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The Price We Pay ((An’ahyaes Valley, Tralorian Plains, Han-Shir, Vulcan. Approximately 4000 Terran years ago.)) The plains were green. The long blades of the hardy grasses were drenched in blood, cloaking the deep, rich red of these grasslands in a sickly hue, brilliant malachite where it was yet fresh, fading to a dull khaki where it dried in the hot sun. The air stank of copper. These plains, so close to the wilderness that edged the Voroth Sea were some of the most fertile on the continent, but it would be poetic justice if nothing ever grew here again. The soil of these valleys could feed a nation if carefully tended, but it’s value had been measured in blood and death over the millennia as different clans fought over it, and Lohraedhys would be happier if the valleys turned to desert, if the soil dried up and blew away like the sands of the Go’an. The land should echo the desolation that she felt, for it had lost what she lost. Farmers’ plows would raise bones from the red soil for generations, and it would be better if that was all that grew here. Then perhaps the bloodshed would stop. But it would be too late, always far too late, to matter. He was gone. Now there was nothing but silence. Feet clad in delicate slippers made their way silently over the ground as Lohraedhys picked her way through the carnage of the battlefield, heedless of the blood that stained those slippers or the hem of her fine robes, hand embroidered in the most intricate of patterns. They were clothes that befit the bond-mate of the heir to the leadership of the Ayein clan of the Nel-Gathic peoples, who had controlled the great An’ahyaes Valley for an age. Now the blood of her bond-mate and all their warriors wet it’s soils, and only the old, the infirm, the children and their mothers remained, lost and bereft, without guidance, without purpose, without those they had loved. Behind her a keening arose, a wordless, tuneless wail of pure loss, the sound of a heart torn in two, as Siyarhenae mourned his passing. She had been but a trophy taken from an enemy, yet he had made her his own too, had loved her with the same fierceness he had loved Lohraedhys, that same passion that she had felt, every time she touched him, and would never feel again. Valeohrohen. ((City of Ti’yeht, Lyein hills, Han-Shir, Vulcan. Some time before.)) He had laughed, watching their son play with his pet Sehlat in the cool quiet of the gardens of their house, part of the complex owned by his family. Ochre leaves threw dappled shade and the extravagance of a tiny mist fountain lent a luxurious humidity to the thin air. Pale grey eyes watched the child, amusement and peace in every line of that angular face. Long fingers plucked idly at the Vulcan harp in his lap, seemingly without any attention spared to the action yet the melody that trailed in their wake was both simple and almost unbearably sweet. He had a gift with the harp. He was talented in many things but there was some sweet, bitter poesy in his soul that spoke through it’s strings, that could goad an audience to hope or to despair. Sometimes he seemed more eloquent in his music than in anything else, until he set words to it and surpassed even that. He could capture the strong, vibrant emotions of his people in a few simple words that never the less spoke of the soul of every Vulcan, the deep passions and furies that drove their people to hate, and to love, to destroy and to build. They were capable of the greatest things because they were so driven, and he most of all. He was a musician, a composer and a poet, his deep voice rendered his songs in tones that spoke to the depths of being. He was a scholar, and a warrior, a gifted tactician and a talented leader. He fought with a ferocity few men could match, and could touch her with a gentleness she had never thought possible. He moved through life with a certainty born of a fire in his soul; he was a man of deep passions and convictions, and who inspired love and loyalty in his people. He had certainly inspired it in Lohraedhys. She would have followed him to the ends of Vulcan, he was dearer to her than life itself. And she loved nothing more than to sit and listen to him play, and watch their children. They were yet young, there would be more, each with the mark of their father, if the Gods were kind. Each with his talents and passion for life. She smiled over at him and he met her gaze with equal fondness, paused in his playing and reached out a hand, two fingers extended to touch hers, mind meeting mind. She could feel his intense love for her in that touch, see it in his strange, pale grey eyes. There was no need for words. Valeohrohen Naykh Hawehl-khur, they called him in their tongue. Valeohroen Silver Eyes. ((Cultural Studies Lecture Series, StarFleet Academy, San Francisco. Present Day.)) “Valoren ‘Silver Eyes’ was a Nel-Gathic warlord during the Ozay’in era, famous for three things. First, his exacting tactical manouvering which led to the defeat of the Kor’hin clan over water resources despite their vastly superior numbers. Second, the subsequent mass slaughter of his own Ayein clan when the Kor’hin peoples staged an uprising led by the brother of the leader he killed, and third, as far as can be deduced, being the individual in whom the rare ‘dominant grey’ eye-colour allele appeared de novo. There’s a piece of trivia for you.” Professor Alexander Saint-Gabriel smiled thinly. Ancient Vulcan culture was not his favourite topic and fortunately was not one on which he had to dwell for long. “Compared to many events from this era, these records have been preserved relatively intact by the descendants of the survivors of the Ayein clan. How much of these records is factual is debated in great depth by Vulcan historians, for much of the story was passed on as oral tradition and has become as legend, and plenty of discussion on various sources can be found in the literature. Fact or fiction however it is considered to be an excellent example of the pre-Surak Vulcan culture of the region, and is often used by way of a moral fable for young children.” Certainly such stories were preserved by modern day Vulcans with a ‘lest we forget’ attitude. “I want you to study the story itself, the accompanying song of mourning and the discussion and interpretation in your texts, and then find and summarise for me two papers discussing either the veracity of the source material or the implications for modern Vulcan culture with references to the original work by class next week.” ((An’ahyaes Valley, Tralorian Plains, Han-Shir, Vulcan. Approximately 4000 Terran years ago.)) Siyarhenae’s wailing wound to disharmonic, unsatisfying close, the final tones hanging in the air and begging by their very harmonics for an answer, but it was an answer that would not come. Lohraedys knew that for certain now. Heedless of the mess of the battlefield she crouched in the bloodied grass, green staining her robes and her hands, as she reached out to touch his still form. Tall and spare, lean muscles hardened from fighting, he lay stretched out upon the bloodied ground, flung there in the throws of death. But his angular face, so very expressive, was still, slack, peaceful. One might almost think he had accepted his death willingly, were it not for the five strangers who lay dead around him, torn nearly limb from limb. Amongst them he seemed strangely intact, save for the bloody spear which protruded from low in his torso; straight through his heart. She reached out to touch his face, and he was cold. Where there had been a warm, driven, passionate mind, there was nothing. This was not him, this was only a corpse. Valeohrohen was gone. She could not voice her loss as Siyarhenae did, but she grieved, perhaps even more deeply, for he had been her world since she was too young to understand who he was. Bowing her hear, a tear trickled down her cheek, precious moisture shed in recognition of all that had passed from this world. Such loss was the price they paid for the passion of their people, capable of such greatness, and such sorrow. Was the former worth the latter? A breeze sprang up, stirring the bloodied grass, bringing with it a cool relief and soon, as Yel approached the horizon, and she knew that it would bring with it the cool mists that gave moisture to these fertile lands. It was a travesty that such cycles of life should continue when so much death surrounded her, an insult to the loss they had all suffered. The suffering on this plain should turn back that wind and call forth instead the hot breath of the Go’an and turn these lands with their wealth of pain to dust. If she could have she would have taken the spear from his corpse and used it to follow him. But there were the children to think of. Two still hiding up in the hills, and the one she carried inside her. She hadn’t even had time to tell him. For their sake, for his legacy, she would go on. But there would be no more light in the world, no more joy. No more songs.
((Act 1 / Scene 1)) ((Bridge / USS Ennock / 12 Hours Ago)) The bridge of the USS Ennock was awash with amazement and astonishment as the piece finished. The Captain had brought back with him the most interesting thing: ‘a piece of music’ long since thought lost in the vastness of the Earth catalogue. Captain Jenkins explained the music concisely. “It’s called ‘4’33’.” Lt. Marcum stood against the wall by the Tactical station and muttered. “It’s called BS, because that’s what it is.” The crowd of officers looked his way and Captain Jenkins strutted confidently over to Tactical. When he arrived he leaned in smugly and opened his mouth. “Another unenlightened barbarian who’d rather pull the trigger than listen to pure bliss.” ‘Shawn’ - Lt. Marcum - shook his head with some disgust and pointed a finger accusingly. “Another ivory tower Captain too in love with his own Command to see beyond his bloated ego. It’s pure and senseless garbage. It is not music.” ((Act 1 / Scene 2)) ((Bridge / USS Ennock / Now)) Lt. Marcum took his hand off the Tactical station and shook it before returning it to his side. Shawn stood for a moment staring at nothing. He eventually realized that nearly half a day had passed since the confrontation on the bridge... the first ‘confrontation that is. He held up his hand and reached out for the Captain. No one was there... save a few zombified corpses of his former colleagues. He could no longer help them. He stepped into the turbo lift and closed his eyes. His hand held onto the railing and he felt himself flashback. ((Act 1 / Scene 3)) ((Turbo lift / USS Ennock / 11 Hours Ago)) Security held each of his arms firmly. While he struggled to get free of their grasp the two oafs were a flush with conversation about the Captain’s song. “I thought it was the greatest thing I ever heard. Ever... in my whole life ever.” said the first guard. “Oh I do agree very much, an absolute masterpiece of music.” said the second. The banter was endless and idiotic. Shawn was going crazy listening to the air escaping their lips. It was all nonsense, the song had no noise in its whatsoever... totally devoid of it! These idiots had no understanding of the lunacy... of what they were saying! “I probably could have listened to it for an hour. It’s just such a unique ‘take’ on music.” said the first guard. “I think I may just put it on repeat after we dump this loud mouth - referring to Lt. Marcum - in his quarters. Hey Shawnny, what’s wrong? Not loud enough for you?” said the second. Shawn shook his head and said in a disgusted voice. “The volume ceases to be on any consequence when NOTHING IS HAPPENING AT ALL!” “Alright that’s enough out of you spoil sport.” laughed the first guard. ((Act 1 / Scene 4)) ((Deck 4 / Turbo Lift Junction / USS Ennock / Now)) Shawn didn’t miss those security guards as he took his hand off the railing. Forcing open the turbo lift doors he headed down the hallway to his quarters. As he looked over the mostly untouched corridor his thoughts turned to his family and loved ones. He couldn’t remember their names, or what they looked like, or even if he ever cared much for them - or vice versa - but he did take the time to think of them... or at least attempt it. Assumptions like that kept him on his toes: did he have a family? was he a loner? why all of a sudden could he not remember anything about himself? These were all good questions and he had no explanation for them as they piled up around him metaphorically. However he did have a perfectly good explanation for that cursed song: ‘It’s BS.’ Arriving at his quarters brought about another set of doors to open. Prying them open Shawn wondered how the turbo lift was still operational when he couldn’t open doors. He approached his computer workstation and looked at his hand. “Time for a flashback.” he said ironically as his hand-to-surface flashback technique - one he didn’t remember having yesterday. - took over and he flashed... back. ((Act 1 / Scene 5)) ((Personal Quarters / USS Ennock / 10 Hours Ago)) “You’re obsessing over nothing!” She said. “I agree... it’s driving me insane. I hate it to so much. It’s eating me up inside and I don’t know how to control it anymore. At first when I didn’t hear anything I thought it was stupid but we’re way beyond ‘stupid’ now.” He responded. Ensign Sally Taylor had been talking with Lt Shawn Marcum for over a half hour. Word had travelled fast that Shawn had insulted both: the Captain’s amazing new song, and his “Bloated Ego”. Shawn sat back and tried to take stock of the situation - which was bad - but he couldn’t... because of that song. It was almost etched in the forefront of his mind... and it was a blank slate! “What’s so amazing about it Sally?” “Well you see: Centuries ago on Earth the piece 4’33 was premiered as part of a then ‘contemporary recital’. While the performer David Tudor played no actual deliberate sounds, there was still bound to be sounds heard during the piece in the room. It’s the unpredictable nature of these sounds - which are inherently unique to the specific settings of the space its performed in - that makes it so amazing Shawn!” “... and that’s it?” “No, much more in fact! 4’33 has great value and was instrumental in establishing and influencing genres of music to this very day!” “... but it’s nothing.” “But in it’s nothingness it represents both: everything as it is and constant rebirth.” “It’s lacks real stakes and has no definition.” “You’re wrong Shawn. Like life; 4’33 is made up of all those incidental sounds and throwaway moments in time. It represents perfectly the ‘tension’ that exists between the desirable ‘played notes’ and the undesirable ‘noise’ that makes up all music.” “No you’re wrong Sally. You’re all wrong.” “You’re scaring me Shawn.” ((Act 2)) ((One Week Later / Runabout Kennedy / Bridge)) ---Coroner Notes - Starfleet Mission Codename ‘Caged Bird’--- Something powerful must have snapped inside him because the levels of brutality observed here is not to be found in any of his psych evaluations. The chain of events following Lt Marcum’s conversation with Ensign Jennings are fragmented at best. It is the opinion of this recon team leader that the corpse found in Marcum’s personal quarters is Ensign Jennings and her injuries are similar to those suffered by other members of the crew... and that Lt Marcum is the sole belligerent in the brutality that followed said conversation. --------------------------------------------------------------------------------- Lt. Martin Mendez rubbed his temples and noticed he was sweating. With a brush of his hand the main sweat was gone from his forehead but the symptoms remains oblivious to him. This recon assignment was his first since being promoted to Lt. and he was eager to do well. So eager in fact that he missed a number of important things in his attempt to analyze everything all at once. Oblivious as well was the crew of 4 he travelled with. The mother ship of the Runabout Kennedy - the USS Brinkman - was 2 hours away at warp 5. They had spent 2 hours travelling to rendezvous with the USS Ennock and just over 2 hours aboard. The mission was simple in nature: discover why the Ennock had missed its usual check in time at the DS11. What they found was controversial and horrifying. “There’s something else too.” Said Ensign Tommy Hayward. “I told you to keep to specifics.” Mendez spat in response. “You also told me to keep my eyes open for anything unusual. This certainly qualifies as unusual on a cultural level!” “What is it?” Martin asked trying to do a better job keeping a level head when dealing with his eager subordinate. “A 20th Century recording of a piece of music, but the kicker is the piece of music contains no music whatsoever and consists entirely of the experience and sounds contained in whatever space its performed and/or heard in. It’s an amazing discovery!” The Ensign grinned as he finished. “I suppose that will have to be our silver lining. This was by far the most disturbing and unsettling mission I've ever taken part in.” “What do you think caused Lt. Marcum to snap?” Tommy asked inquisitively while he stroked his light brown ‘chin fuzz’. Lt. Peter Bon entered and the conversation ceased. Bon was short and of Asian decent with black hair and eyes slightly too close together for comfort...and he was heavily disliked by both Mendez and Hayward. He was a genius however and at 22 had potential that far exceeded either of them. “The extensive damage to the USS Ennock will make the determination of what caused the Lt. to snap virtually impossible. The data is quickly decaying as the two of you discuss ‘mindless’ things.” Bon was dismissive as he put the two of them down. He sat at the Ops station and adjusted course. “Three men, three opinions on a piece of music from a ship whose crew was recently butchered by one their own.” Mendez said in grim summation. “What a concise but unnecessary description. Would you care to recite how breakfast was as well or was that what Ensign Hayward was cleaning up on the Ennock?” The cold insult escaped Peters lips and as Martin wiped his forehead again his sleeve had become wet from the sweat that had accumulated. “No Exit.” Tommy broke the silence that had frustrated the atmosphere of the room since he had brought up the song. “What?” both Peter and Martin responded together. “That’s what this reminds me of. It was a play from the 20th century just like the piece of music. A remarkably good one at that, I’ve read it many times and we performed it aboard the Brinkman two months back.” “Why don’t you summarize the experience for us then-” responded Peter sarcastically, which was lost on Tommy who simply continued talking. “Well in 1944 the play ‘No Exit’ written by Jean-Paul Sartre was released. It’s original french title referred to those private discussions that we tend to gloss over when we remember the past. Those little throwaway moments in the grand scheme of things.” “But what is it about Ensign?” Martin asked as he leaned back and breathed deeply, closing his eyes. “In a nutshell: the play depicts a possible version of the afterlife in which three deceased characters spend eternity locked in a room together.” “It sounds like hell to me.” laughed Lt. Bon. “Why are these three ‘characters’ locked in a room together for eternity?” “It’s their punishment.” “For what?” asked Mendez quietly. “The characters have various explanations for the what and why. They spend the entirety of the play discussing it.” “What do they come up with then expert?” Bon said as he rolled his eyes. Tommy leaned forward and thought back for a moment. Martin opened his eyes and looked over to Ensign Hayward as the man sat motionless. He looked over to Lt. Bon and two of them shared a look of pure puzzlement. After a moment Ensign Hayward shook his head and continued speaking as if no time had elapsed since Lt. Bon’s question. “Garcin is a both callous and cowardly. He cheats openly on his spouse without remorse or sympathy. Serrano is manipulative and twisted. She is both honest and cruel. Rigault is a deceitful murderer and knows only a life of temptation and greed. They all have their own baggage.” “What happens to them?” asked Mendez curiously. “Oh eventually the three are given the option to leave... but they are too fearful of the unknown and so they decide to stay together in that room in hell.” was Hayward’s response as he finished typing on the screen in front of him. “If you gave me that option I would gladly leave.” was Peter’s sarcastic retort. Martin shook his head - splashing a bit of sweat on the console - and quipped. “The airlock is right over there Pete.” Lt. Mendez looked over to Ensign Hayward at the Comm station and asked. “Who are you typing too anyway Ensign?” “Oh it’s Sally... err Lt. Cmdr Kelsey sir. I sent her the song. She really likes it and is heading to show the Captain right now.” Martin’s face went hollow as the words hit him. This kid was too eager and it wouldn’t be long before he was held over for promotion because of him. “I didn’t realize you and Lt. Cmdr ‘Sally’ were on a first name basis.” “We had an introductory dinner like all Ensigns.” Both Lt.’s exchanged looks with each other. “Introductory Dinner” was BS and they both knew it. “Let’s just enjoy each other’s company in silence and get through the rest of our trip back to the ship without killing each other, shall we?” Martin said after thinking about it a moment. “Should I put the song on?” asked Hayward curiously. “No.” was the response from Bon. ((Act 3 / Epilogue)) ((Several Hours Later / Runabout Bridge / Main Shuttle Bay / USS Brinkman)) Mendez was shivering a bit and his hands were clammy. All he wanted was to have some tomato soup and get some rest. He inquired again to Ensign Hayward at the comm. “Anything?” “No response sir and I keep hailing. There’s no chatter at all.” was Tommy’s response. “What about Lt. Cmdr Sally?” quipped Bon. “Not now. But what about her Ensign?” said Martin effectively cutting Peter off mid quip. “I haven’t heard a thing from her since she went to see the Captain hours ago. You don’t think she and the Captain are together do you?” his voice was nervous in anticipation of the reply. “Don’t know, don’t care.” said Peter. “All I know is someone is going to have to go out there and check the bodies.” said Martin. Mendez, Bon and Hayward looked through the window of the runabout over the various zombified corpses that littered the Main Shuttle Bay of the USS Brinkman. The two Lt.’s looked at each other and then after a moment they looked at Ensign Hayward who wore the red shirt of the group. “Fine. But this is the last time! Promise?” said Tommy as always. “We promise.” lied Mendez and Bon.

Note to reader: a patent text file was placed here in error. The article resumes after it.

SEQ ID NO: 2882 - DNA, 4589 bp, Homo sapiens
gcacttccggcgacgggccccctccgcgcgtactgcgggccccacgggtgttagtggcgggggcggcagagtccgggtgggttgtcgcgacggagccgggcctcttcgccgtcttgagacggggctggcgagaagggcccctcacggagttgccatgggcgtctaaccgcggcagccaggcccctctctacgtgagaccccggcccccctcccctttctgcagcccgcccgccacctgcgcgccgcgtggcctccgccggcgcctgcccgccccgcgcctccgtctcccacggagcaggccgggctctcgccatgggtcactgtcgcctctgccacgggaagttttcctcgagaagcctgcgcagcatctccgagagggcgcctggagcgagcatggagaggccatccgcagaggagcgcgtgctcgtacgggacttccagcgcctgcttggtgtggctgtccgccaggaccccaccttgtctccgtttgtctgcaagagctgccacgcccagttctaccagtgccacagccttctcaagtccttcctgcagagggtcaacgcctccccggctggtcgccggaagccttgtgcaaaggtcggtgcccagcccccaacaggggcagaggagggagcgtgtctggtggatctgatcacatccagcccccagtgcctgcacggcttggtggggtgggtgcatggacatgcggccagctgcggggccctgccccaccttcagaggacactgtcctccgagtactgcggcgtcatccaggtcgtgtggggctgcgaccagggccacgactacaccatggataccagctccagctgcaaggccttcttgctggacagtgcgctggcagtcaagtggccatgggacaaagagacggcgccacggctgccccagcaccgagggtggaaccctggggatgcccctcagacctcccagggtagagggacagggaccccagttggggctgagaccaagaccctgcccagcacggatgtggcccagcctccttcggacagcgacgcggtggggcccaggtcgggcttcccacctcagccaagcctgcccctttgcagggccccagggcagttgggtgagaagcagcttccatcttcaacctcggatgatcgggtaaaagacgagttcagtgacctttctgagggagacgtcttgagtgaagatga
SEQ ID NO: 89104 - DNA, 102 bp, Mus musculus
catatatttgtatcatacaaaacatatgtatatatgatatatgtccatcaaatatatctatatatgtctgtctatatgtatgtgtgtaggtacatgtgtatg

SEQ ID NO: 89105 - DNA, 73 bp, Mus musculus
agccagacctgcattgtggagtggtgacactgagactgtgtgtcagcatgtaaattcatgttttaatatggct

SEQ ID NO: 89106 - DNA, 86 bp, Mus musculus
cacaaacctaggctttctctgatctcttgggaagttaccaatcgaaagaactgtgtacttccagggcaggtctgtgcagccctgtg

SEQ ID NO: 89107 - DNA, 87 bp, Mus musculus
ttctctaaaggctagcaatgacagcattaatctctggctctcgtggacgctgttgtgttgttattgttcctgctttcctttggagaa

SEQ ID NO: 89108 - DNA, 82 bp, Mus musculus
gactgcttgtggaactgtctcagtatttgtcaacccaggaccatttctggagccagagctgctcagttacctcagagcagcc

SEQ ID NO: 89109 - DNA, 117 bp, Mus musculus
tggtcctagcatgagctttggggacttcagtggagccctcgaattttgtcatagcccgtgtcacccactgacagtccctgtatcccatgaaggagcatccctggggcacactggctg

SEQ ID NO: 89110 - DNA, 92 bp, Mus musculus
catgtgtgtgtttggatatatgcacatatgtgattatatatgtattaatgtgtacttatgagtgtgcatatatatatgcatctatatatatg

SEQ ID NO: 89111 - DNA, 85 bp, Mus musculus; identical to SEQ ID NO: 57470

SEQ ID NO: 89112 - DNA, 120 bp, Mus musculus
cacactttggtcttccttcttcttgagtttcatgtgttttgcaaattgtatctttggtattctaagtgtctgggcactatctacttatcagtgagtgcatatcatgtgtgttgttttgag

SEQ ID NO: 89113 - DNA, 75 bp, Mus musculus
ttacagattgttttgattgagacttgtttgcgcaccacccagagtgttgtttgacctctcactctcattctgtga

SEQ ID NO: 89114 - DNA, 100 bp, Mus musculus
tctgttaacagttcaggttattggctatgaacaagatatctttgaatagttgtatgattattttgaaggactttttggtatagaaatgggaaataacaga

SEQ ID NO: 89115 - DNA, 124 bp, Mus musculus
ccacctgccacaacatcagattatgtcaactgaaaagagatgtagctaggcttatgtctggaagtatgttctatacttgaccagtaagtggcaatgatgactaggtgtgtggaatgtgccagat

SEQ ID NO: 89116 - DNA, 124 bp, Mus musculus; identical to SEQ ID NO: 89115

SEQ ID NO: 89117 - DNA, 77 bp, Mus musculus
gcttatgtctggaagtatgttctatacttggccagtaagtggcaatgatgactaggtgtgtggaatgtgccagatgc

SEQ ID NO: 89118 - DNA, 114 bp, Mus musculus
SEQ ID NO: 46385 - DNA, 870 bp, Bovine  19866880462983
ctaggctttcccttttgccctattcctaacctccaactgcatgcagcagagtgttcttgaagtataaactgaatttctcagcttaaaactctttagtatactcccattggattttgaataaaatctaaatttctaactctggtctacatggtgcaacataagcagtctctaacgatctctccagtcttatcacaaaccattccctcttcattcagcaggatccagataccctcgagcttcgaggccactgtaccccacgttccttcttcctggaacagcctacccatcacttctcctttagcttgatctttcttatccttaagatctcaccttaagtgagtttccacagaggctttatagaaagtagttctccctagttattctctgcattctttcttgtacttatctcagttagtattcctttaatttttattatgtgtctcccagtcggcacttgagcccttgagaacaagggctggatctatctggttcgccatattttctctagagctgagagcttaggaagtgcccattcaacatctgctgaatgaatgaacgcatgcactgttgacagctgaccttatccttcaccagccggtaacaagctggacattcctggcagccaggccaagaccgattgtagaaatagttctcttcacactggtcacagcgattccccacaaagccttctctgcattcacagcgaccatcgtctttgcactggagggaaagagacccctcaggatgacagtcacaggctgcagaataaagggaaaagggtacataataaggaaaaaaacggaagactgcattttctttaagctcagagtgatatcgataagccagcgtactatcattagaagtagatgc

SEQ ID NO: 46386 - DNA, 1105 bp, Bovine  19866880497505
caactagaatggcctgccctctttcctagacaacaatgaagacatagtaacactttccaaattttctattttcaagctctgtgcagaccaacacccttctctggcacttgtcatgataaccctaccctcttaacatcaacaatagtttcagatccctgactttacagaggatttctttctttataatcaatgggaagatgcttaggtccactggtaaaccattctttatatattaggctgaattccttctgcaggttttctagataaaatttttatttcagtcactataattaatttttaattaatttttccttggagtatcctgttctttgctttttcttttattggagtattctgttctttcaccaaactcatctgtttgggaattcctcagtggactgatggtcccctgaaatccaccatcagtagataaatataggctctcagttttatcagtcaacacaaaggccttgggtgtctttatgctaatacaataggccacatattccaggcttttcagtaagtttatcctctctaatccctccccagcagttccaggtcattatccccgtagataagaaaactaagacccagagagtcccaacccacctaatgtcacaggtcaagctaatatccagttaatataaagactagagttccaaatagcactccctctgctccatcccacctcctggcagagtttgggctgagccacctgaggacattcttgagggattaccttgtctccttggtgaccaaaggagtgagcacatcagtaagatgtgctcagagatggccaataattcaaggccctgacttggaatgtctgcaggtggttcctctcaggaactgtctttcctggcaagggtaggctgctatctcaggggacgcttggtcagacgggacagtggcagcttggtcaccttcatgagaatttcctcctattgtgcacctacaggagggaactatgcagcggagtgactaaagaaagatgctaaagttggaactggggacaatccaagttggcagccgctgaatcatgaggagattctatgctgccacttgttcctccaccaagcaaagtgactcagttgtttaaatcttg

I'm extremely pleased to say that we had a great turnout for the last round of the Writing Challenge, so let's see if we can beat our total this time! Those of you that entered, it would be fantastic to see you enter again, and pass the word around the your crew to see if you can persuade them as well! Joining us on the judging panel for this round is Chief Petty Officer Radi Rais, who has decided on the following topic for this round: "Song and Silence" The topic is nice and broad, and leaves plenty of room for you to be creative! How will you represent the song? Could it be a symbol within your story, an integral part of the plot, or will it somehow influence the structure of your piece? Guidelines: To participate, create a new thread. The subject of the thread must be the title of your story. If it is a Work In Progress, denote that at the top of the post itself (in the body text, not in the thread title). As with last round it will be the final draft posted in your topic that will be read and taken into consideration. Any unfinished entries marked as Work In Progress will not be considered for judging and will be moved to the "Character Cafe" forum at the end of the contest. Your work must be entirely your own. No co-authoring. You are welcome to create any character you so desire, but they must be from the Star Trek universe. No "canon" characters allowed. (i.e.- No one who has been on a show.) Length: No more than 3000 words accepted. Beginning Date: Wednesday, January 5th Ending Date: Friday, February 25th See Also: the Writing Challenge Website Challenge: “Song and Silence” Good luck all!